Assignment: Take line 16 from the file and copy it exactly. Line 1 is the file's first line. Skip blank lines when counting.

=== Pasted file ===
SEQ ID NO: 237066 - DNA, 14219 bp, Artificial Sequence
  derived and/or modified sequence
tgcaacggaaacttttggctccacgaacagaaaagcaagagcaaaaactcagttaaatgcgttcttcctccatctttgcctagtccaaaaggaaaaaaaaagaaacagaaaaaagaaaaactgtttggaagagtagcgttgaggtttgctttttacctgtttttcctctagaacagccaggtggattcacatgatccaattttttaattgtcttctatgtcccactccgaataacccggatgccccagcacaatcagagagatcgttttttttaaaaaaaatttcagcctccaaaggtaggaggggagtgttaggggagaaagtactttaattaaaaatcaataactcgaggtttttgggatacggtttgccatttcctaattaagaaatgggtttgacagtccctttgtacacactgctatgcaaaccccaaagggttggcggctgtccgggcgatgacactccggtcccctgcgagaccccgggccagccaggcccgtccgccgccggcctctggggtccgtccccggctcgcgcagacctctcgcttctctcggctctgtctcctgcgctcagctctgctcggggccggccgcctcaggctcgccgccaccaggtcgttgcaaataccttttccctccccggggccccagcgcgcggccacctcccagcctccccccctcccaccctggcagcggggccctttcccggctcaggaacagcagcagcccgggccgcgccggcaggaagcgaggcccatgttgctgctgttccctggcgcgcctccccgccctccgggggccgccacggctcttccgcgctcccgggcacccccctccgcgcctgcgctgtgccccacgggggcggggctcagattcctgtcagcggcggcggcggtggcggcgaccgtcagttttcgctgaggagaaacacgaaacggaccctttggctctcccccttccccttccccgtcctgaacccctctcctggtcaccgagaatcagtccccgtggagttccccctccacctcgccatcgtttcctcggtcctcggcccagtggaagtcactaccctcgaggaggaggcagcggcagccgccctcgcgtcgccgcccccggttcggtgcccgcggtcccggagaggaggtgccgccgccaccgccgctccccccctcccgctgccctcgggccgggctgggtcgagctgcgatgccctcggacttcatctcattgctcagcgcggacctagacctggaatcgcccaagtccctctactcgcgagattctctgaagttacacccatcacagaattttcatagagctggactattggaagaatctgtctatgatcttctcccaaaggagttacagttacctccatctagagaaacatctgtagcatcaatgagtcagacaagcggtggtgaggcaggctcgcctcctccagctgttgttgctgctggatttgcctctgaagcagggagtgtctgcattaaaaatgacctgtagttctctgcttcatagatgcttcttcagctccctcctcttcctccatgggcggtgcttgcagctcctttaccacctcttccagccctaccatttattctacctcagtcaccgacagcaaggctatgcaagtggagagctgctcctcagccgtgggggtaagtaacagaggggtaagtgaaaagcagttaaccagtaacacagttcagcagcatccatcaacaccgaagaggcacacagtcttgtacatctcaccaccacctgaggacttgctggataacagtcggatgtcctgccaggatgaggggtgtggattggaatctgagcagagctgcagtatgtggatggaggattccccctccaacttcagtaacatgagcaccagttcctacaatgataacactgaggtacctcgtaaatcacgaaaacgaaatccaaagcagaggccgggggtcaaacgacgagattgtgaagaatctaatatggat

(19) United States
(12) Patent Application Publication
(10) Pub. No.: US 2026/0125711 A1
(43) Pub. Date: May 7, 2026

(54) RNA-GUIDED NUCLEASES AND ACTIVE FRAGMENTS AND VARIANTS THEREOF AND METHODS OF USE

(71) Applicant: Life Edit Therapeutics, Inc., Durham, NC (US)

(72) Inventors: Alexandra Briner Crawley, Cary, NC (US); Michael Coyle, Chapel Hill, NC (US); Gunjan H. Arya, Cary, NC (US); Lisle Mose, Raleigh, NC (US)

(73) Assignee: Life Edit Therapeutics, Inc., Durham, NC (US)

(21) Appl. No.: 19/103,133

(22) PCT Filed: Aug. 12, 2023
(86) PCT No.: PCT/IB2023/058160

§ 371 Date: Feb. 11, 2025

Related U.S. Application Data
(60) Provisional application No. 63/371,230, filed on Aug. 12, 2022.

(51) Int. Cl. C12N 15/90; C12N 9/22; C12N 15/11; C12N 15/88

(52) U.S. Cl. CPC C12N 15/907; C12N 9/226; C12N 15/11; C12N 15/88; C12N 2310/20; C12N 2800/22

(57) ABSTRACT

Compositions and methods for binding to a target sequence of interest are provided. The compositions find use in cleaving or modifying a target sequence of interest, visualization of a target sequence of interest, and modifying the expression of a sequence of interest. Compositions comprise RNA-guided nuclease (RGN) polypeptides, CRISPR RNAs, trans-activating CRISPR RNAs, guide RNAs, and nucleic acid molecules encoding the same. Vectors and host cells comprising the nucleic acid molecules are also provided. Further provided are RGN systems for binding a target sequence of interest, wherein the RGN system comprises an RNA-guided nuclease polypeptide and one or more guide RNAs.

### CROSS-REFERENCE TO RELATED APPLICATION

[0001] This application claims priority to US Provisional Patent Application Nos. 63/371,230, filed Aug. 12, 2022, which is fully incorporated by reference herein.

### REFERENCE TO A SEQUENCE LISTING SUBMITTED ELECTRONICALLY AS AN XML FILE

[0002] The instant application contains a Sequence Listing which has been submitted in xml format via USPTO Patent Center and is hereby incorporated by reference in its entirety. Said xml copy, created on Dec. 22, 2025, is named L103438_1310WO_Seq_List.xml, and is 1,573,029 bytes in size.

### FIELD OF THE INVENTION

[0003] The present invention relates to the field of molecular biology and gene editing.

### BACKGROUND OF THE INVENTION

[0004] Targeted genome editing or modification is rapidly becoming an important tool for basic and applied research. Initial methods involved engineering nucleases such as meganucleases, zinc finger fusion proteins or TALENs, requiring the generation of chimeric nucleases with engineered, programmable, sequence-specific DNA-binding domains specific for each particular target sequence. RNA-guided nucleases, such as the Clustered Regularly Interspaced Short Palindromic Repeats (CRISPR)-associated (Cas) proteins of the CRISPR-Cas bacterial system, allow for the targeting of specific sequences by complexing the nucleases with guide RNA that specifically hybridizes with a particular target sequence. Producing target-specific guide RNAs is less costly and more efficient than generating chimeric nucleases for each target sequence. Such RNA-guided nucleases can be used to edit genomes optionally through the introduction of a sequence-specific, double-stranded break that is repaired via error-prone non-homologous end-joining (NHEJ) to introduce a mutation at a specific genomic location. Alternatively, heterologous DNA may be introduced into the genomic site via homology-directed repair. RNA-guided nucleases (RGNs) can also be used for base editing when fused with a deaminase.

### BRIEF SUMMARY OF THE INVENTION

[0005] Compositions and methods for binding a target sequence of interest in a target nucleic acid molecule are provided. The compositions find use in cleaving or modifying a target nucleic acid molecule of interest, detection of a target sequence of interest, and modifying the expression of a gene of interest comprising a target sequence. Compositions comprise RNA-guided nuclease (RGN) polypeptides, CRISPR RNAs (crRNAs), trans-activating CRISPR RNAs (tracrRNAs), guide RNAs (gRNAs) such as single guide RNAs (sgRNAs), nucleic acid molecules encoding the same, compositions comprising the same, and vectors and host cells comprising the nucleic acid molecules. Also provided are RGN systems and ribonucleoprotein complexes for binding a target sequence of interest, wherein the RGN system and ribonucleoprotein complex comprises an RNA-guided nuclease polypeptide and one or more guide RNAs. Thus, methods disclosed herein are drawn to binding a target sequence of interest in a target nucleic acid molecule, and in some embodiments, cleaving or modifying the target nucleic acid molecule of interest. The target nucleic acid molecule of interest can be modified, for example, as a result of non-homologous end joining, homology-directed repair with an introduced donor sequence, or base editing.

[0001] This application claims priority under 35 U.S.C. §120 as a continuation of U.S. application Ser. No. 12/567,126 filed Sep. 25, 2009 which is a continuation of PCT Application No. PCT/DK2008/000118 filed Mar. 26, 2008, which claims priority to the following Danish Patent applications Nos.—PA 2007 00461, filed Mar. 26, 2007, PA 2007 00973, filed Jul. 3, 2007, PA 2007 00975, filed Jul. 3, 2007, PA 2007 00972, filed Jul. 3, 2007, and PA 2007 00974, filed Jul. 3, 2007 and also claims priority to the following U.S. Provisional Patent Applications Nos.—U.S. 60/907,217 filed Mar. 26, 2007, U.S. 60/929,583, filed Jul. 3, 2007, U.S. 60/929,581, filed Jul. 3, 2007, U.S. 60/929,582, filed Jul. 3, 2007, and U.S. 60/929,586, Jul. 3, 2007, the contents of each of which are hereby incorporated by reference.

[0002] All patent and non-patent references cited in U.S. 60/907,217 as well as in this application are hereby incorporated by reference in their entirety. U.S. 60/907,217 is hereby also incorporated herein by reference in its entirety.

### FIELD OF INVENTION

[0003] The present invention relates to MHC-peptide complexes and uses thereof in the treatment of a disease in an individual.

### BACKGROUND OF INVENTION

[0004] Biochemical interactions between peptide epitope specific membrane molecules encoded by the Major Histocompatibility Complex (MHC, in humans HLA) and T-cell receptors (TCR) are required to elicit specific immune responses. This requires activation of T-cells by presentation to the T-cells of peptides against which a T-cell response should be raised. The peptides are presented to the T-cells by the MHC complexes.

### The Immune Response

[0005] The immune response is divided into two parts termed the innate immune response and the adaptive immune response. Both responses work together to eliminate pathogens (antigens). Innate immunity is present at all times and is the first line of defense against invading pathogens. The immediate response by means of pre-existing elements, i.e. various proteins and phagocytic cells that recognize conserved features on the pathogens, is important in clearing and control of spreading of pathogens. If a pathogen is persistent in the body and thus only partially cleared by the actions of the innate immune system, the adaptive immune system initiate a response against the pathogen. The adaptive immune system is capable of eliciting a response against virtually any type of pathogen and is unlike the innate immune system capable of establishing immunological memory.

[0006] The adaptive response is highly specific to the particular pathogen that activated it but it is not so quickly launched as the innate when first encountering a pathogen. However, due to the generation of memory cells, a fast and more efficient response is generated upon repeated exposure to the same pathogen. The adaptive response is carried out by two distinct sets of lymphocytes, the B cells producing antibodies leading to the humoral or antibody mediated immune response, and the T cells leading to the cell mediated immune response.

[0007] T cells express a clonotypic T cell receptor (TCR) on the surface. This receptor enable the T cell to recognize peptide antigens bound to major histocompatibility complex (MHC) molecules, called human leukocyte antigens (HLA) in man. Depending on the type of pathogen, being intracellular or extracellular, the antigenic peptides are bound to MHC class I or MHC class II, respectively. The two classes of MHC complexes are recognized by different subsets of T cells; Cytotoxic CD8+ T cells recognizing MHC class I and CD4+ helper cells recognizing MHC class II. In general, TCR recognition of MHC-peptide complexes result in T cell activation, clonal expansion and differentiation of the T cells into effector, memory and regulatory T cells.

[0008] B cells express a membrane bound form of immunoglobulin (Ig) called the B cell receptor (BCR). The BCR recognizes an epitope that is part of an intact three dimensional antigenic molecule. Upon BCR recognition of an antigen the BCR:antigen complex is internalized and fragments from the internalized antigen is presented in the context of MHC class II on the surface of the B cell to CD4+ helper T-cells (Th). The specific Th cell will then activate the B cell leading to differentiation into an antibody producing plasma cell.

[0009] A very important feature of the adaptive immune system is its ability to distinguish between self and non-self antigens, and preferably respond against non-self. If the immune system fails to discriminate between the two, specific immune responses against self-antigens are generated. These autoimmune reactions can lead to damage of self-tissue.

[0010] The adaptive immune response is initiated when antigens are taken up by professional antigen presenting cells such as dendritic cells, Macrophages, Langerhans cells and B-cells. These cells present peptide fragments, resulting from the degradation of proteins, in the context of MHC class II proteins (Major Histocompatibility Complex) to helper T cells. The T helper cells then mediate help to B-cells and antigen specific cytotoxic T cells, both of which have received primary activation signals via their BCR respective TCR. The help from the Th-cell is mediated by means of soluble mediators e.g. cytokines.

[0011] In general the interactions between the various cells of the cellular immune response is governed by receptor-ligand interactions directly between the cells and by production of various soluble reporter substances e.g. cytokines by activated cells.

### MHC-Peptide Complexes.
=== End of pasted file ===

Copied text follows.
Related U.S. Application Data